Obama Trade Bill Seen Gaining Enough Support for Final PassageCarter Dougherty and Billy House
Republican and Democratic supporters of a fast-track trade bill are confident the U.S. House will pass the measure, sending it to President Barack Obama’s desk, two House aides said.
Informal vote counts show more than 200 Republicans support the measure and about 25 House Democrats are prepared to vote for the bill, known as trade promotion authority. That is enough for a clear majority of the 433 members of the House, the aides said.
Along with 18 to 20 Democrats who already have stated their support, Representative Gregory Meeks, a New York Democrat, said “there’s a sizable number” of other Democrats he thinks will sign on. That includes some House Democratic leaders, said Meeks, who supports the measure.
“I think that TPA is going to pass,” Meeks said in an interview. “I think there are sufficient Democrats to get it done.”
Passage of the measure in the Senate last week -- after a brief rebellion by Democrats -- has proven to uncommitted House members that the legislation will come up for a vote. Lawmakers will have to choose between the business lobby, which backs the bill, and labor, environmental and other groups that bitterly oppose it.
“Now that the Senate has moved, that is going to move more people to decide,” said Representative Ron Kind, a Wisconsin Democrat who supports the measure. “Some people were wondering whether this would even come up.”
The trade measure, H.R. 1314, would let Obama submit trade agreements to Congress for an expedited, up-or-down vote without amendments. The president has said he wants to complete a 12-nation Trans-Pacific Partnership, a free-trade agreement, and send it for approval under that procedure.
The House will reconvene Monday after a one-week recess. House Republican leaders don’t intend to bring the measure to the floor next week as they are still gathering support for it, a House aide said. Action the week after is possible.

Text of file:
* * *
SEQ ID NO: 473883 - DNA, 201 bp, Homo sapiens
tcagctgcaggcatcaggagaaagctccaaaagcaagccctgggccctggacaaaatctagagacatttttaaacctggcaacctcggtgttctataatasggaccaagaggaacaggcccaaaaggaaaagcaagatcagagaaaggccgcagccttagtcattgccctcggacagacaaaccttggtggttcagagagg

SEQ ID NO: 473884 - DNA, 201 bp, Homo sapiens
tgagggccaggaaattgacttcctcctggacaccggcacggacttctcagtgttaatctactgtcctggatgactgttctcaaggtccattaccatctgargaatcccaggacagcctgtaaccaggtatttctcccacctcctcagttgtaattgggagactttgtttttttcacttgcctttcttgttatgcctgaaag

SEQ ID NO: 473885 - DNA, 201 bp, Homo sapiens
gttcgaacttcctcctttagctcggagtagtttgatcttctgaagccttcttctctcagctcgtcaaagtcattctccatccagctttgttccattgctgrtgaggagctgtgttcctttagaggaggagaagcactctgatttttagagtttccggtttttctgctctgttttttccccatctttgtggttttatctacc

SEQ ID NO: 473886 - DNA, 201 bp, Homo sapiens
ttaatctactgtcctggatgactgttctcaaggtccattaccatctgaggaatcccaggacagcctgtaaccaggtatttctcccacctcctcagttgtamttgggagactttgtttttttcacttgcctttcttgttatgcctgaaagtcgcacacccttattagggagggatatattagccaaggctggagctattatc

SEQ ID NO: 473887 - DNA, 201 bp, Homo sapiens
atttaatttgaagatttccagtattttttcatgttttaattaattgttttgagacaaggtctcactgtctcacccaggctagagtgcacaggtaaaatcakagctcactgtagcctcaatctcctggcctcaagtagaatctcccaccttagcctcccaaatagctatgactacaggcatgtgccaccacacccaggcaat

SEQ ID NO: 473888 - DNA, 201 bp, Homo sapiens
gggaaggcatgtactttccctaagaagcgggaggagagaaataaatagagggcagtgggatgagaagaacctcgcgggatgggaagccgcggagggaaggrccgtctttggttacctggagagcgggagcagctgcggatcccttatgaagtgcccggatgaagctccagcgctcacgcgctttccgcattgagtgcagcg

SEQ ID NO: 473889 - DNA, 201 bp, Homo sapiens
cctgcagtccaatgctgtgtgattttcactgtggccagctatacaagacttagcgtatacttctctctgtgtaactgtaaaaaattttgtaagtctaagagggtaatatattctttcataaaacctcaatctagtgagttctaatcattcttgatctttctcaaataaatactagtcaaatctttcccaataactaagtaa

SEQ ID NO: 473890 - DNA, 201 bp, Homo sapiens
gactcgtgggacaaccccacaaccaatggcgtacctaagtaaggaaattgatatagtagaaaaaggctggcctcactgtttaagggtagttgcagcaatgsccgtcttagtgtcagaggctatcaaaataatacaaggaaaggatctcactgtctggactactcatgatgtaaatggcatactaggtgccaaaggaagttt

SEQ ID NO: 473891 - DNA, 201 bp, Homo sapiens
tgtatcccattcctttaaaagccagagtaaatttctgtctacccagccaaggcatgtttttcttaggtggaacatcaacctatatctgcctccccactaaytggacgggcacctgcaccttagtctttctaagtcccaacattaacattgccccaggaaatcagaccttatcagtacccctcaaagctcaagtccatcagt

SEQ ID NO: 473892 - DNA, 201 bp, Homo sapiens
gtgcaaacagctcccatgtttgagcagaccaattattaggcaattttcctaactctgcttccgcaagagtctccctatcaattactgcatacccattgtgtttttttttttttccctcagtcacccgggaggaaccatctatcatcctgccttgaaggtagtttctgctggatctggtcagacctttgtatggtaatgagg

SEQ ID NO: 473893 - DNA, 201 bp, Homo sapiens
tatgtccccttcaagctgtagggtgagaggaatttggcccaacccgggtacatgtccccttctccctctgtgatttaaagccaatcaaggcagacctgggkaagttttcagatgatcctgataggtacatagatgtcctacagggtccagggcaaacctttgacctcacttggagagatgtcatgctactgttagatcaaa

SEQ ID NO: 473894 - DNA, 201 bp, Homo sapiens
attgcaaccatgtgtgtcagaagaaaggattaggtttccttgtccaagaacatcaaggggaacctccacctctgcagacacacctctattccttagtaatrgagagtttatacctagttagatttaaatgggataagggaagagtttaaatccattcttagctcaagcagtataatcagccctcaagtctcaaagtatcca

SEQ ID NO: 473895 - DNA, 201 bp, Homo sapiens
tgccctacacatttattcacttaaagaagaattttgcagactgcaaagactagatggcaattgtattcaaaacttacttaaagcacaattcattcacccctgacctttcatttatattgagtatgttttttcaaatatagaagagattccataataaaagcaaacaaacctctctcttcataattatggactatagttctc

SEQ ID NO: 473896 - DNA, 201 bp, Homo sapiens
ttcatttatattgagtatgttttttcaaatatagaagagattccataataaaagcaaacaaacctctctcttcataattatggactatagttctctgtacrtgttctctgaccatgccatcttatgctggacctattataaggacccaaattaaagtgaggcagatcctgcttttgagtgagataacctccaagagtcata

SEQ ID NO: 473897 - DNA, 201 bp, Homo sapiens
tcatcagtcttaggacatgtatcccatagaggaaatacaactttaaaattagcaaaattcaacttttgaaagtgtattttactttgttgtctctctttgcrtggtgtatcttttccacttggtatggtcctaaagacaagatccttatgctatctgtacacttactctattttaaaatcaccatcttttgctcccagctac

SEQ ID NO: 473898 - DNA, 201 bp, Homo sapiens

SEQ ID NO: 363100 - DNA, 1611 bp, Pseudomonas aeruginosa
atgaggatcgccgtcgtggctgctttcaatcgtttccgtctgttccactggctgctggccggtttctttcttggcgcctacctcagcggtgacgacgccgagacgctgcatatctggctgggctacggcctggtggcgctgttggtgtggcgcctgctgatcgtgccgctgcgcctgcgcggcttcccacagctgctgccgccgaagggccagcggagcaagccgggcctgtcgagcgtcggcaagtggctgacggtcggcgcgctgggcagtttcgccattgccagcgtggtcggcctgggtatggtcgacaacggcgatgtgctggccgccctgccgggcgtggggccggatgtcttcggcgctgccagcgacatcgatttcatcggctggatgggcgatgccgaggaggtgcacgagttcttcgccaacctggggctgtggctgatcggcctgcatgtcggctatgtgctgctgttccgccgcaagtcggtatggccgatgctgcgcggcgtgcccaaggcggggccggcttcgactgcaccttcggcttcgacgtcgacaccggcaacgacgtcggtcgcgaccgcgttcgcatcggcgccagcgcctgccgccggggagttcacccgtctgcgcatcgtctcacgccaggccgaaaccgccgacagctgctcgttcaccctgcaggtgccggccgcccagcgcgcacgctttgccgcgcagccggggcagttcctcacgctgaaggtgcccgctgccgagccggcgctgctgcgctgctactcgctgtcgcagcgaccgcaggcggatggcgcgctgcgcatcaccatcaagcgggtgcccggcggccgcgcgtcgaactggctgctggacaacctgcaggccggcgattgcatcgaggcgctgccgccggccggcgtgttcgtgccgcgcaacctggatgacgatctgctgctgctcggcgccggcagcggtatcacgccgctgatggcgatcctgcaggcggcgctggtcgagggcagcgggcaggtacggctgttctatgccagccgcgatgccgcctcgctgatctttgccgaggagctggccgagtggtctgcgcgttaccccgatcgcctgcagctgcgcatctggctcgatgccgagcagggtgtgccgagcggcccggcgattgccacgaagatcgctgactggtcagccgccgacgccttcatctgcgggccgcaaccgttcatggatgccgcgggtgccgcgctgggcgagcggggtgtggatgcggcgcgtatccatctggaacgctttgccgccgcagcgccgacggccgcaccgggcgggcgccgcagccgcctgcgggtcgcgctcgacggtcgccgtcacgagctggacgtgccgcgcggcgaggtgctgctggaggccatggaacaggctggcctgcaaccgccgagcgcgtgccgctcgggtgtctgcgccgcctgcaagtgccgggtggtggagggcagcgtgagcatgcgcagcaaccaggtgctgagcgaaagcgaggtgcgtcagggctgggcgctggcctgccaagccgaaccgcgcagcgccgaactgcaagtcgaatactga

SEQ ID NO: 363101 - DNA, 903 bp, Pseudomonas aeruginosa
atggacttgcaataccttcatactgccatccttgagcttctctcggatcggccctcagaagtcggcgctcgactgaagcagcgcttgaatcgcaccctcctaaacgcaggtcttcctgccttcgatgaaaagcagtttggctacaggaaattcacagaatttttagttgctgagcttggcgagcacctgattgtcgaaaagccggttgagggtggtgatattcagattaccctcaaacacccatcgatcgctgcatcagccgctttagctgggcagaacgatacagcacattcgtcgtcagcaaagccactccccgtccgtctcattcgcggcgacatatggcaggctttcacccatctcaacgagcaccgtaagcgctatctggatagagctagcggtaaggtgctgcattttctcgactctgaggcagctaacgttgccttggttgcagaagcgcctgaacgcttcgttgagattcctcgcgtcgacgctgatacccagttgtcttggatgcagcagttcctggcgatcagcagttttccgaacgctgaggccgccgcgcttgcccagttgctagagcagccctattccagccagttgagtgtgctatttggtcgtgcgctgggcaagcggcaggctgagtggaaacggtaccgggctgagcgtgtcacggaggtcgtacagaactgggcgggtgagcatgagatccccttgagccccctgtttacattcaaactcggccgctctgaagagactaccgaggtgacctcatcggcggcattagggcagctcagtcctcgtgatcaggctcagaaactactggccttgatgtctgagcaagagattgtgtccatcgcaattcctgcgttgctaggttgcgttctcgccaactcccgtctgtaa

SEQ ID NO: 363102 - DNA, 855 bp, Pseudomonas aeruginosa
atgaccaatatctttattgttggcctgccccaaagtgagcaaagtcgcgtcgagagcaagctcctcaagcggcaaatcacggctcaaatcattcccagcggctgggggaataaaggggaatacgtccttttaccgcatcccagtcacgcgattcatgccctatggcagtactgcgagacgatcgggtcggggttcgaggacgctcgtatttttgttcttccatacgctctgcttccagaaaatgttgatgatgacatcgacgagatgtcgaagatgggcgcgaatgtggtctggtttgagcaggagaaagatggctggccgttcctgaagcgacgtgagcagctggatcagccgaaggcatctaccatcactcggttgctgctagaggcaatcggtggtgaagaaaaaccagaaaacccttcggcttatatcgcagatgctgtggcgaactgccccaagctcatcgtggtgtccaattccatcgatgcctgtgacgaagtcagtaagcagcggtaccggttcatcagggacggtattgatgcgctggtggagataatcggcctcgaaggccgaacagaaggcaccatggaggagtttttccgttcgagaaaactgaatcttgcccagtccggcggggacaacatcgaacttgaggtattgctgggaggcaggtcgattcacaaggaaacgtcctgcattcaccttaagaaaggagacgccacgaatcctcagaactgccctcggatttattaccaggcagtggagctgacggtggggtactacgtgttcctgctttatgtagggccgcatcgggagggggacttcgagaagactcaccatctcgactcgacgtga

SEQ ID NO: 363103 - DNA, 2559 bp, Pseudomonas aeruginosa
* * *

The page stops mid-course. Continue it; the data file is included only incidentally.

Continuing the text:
The optimistic outlook for passage contains some caveats, the Republican and Democratic aides said, who asked for anonymity to discuss the legislation in advance of a vote.
House leaders still must decide how to sequence votes on the trade authority bill that came over from the Senate. It also contains a renewal of trade adjustment assistance, a program to help workers displaced by trade agreements that many Republicans oppose. Yet Republican leaders have promised to ensure that renewal is included to draw Democratic votes.
Also, groups on both sides are pressuring undecided members during the recess, and labor unions have organized protests against Democrats who have announced they’ll vote yes, such as Representative Ami Bera of California. Outside Bera’s office in Sacramento, activists this week waved giant cotton swabs to urge him to “clean out his ears” and listen to voters who don’t want the bill.
The business coalition pushing for the bill, also known as fast-track negotiating authority, has brought undecided members to factories to demonstrate the importance of trade. Companies including engine manufacturer Cummins Inc. and Wal-Mart Stores Inc. held such events, and employees of Dow Chemical Co. sent 6,000 e-mails to 200 members of Congress.
Among Democrats, supporters are focusing on the pro-business New Democrat Coalition and the Congressional Black Caucus, according to one of the House aides.
In recent weeks there has been “a dramatic reaching out to everybody,” by Obama and administration officials, said Representative Charlie Rangel, a New York Democrat. Rangel said he and other black caucus members want domestic job-creation provisions tied to the trade bill.
The White House has been floating a new “summer jobs program” yet members want something more, Rangel said.
“Because it doesn’t make any difference what you say back home,” Rangel said. “People want to know what’s in it for me.”
Representative Nancy Pelosi of California, the Democratic leader in the House, is also giving supporters a free hand to convince undecided lawmakers, a point both Meeks and Kind made.
“The House leadership has been very constructive,” Kind said. “They’re trying to maintain space for members who want to get to yes but still have some concerns.”
The Republican vote count is still fluid, House aides said, and as many as 40 Republicans could oppose the trade bill. But those members don’t have an organized whip operation to corral votes, according to the House aides.
Representative Paul Ryan, a Wisconsin Republican who is chairman of the Ways and Means Committee, is attempting to curb opposition to the measure within his party, including those worried about giving Obama expanded authority.
Ryan, in an opinion piece for Fox News Thursday, said that skeptics’ best course is to seek to include requirements on how Obama uses the authority during his last years in office.
“Other countries won’t wait for the U.S. to elect a new president,” Ryan wrote. “The world is writing the rules of the global economy right now.”